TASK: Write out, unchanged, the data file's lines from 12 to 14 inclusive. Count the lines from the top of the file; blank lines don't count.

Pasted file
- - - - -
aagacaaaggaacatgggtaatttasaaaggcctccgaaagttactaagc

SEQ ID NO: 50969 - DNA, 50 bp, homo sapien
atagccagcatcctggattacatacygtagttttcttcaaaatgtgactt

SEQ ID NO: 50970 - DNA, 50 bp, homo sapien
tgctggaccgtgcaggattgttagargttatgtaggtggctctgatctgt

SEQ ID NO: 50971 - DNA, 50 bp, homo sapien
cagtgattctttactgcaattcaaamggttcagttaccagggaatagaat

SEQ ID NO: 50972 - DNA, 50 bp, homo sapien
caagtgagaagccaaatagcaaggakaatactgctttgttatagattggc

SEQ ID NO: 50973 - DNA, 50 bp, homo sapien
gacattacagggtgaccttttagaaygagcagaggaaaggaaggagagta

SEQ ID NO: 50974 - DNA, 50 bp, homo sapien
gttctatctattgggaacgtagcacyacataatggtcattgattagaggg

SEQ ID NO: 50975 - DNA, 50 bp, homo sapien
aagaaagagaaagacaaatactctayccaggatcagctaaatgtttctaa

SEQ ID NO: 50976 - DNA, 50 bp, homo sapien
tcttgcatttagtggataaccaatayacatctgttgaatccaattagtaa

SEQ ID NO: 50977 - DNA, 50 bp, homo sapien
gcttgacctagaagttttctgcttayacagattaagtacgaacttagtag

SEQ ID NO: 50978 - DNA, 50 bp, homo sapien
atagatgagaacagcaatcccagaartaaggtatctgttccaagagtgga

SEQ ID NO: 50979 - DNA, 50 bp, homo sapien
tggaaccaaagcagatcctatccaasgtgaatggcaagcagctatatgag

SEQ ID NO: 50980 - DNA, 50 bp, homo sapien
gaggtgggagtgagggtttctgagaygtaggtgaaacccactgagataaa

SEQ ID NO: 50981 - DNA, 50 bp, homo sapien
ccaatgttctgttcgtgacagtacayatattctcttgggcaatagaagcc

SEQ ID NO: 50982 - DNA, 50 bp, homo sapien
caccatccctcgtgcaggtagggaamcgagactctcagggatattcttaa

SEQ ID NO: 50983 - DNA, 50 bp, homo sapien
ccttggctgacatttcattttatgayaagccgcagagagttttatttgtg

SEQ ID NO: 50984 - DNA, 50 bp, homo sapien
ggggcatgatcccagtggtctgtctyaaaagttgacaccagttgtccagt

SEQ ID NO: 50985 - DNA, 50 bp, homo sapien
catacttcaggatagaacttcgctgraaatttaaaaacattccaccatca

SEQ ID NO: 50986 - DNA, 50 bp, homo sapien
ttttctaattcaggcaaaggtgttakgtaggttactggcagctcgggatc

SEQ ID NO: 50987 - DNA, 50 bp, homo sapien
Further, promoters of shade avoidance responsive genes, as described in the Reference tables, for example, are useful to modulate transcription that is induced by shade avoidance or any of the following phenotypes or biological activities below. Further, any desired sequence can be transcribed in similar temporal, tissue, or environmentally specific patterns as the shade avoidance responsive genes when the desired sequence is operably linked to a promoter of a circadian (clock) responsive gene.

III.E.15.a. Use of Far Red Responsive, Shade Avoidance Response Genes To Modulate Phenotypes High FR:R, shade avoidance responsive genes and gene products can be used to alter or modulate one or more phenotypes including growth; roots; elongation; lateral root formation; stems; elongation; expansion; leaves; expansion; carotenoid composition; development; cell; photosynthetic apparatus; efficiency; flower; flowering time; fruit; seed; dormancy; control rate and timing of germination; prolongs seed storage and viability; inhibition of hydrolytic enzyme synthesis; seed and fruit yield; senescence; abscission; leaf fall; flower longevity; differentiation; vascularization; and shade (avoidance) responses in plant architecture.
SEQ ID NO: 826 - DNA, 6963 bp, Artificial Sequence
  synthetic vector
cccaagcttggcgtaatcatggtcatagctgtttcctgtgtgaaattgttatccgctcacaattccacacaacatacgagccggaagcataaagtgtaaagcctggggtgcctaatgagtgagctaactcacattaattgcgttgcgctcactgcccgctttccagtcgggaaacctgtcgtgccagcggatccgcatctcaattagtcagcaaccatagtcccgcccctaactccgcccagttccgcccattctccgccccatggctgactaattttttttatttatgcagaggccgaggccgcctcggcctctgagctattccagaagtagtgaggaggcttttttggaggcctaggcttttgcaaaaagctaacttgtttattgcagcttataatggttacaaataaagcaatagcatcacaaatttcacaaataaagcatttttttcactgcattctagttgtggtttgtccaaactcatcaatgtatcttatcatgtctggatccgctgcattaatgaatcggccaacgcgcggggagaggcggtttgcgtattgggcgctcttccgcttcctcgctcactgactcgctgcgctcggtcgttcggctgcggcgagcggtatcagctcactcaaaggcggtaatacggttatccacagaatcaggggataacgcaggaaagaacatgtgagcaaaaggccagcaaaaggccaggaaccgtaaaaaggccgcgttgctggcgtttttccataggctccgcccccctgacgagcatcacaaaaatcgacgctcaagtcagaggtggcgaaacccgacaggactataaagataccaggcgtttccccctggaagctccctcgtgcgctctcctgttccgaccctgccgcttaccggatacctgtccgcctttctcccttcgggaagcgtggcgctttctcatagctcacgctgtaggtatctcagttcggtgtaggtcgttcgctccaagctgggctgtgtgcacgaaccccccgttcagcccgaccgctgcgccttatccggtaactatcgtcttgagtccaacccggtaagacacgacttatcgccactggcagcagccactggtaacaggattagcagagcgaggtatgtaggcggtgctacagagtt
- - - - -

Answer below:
SEQ ID NO: 50974 - DNA, 50 bp, homo sapien
gttctatctattgggaacgtagcacyacataatggtcattgattagaggg

SEQ ID NO: 50975 - DNA, 50 bp, homo sapien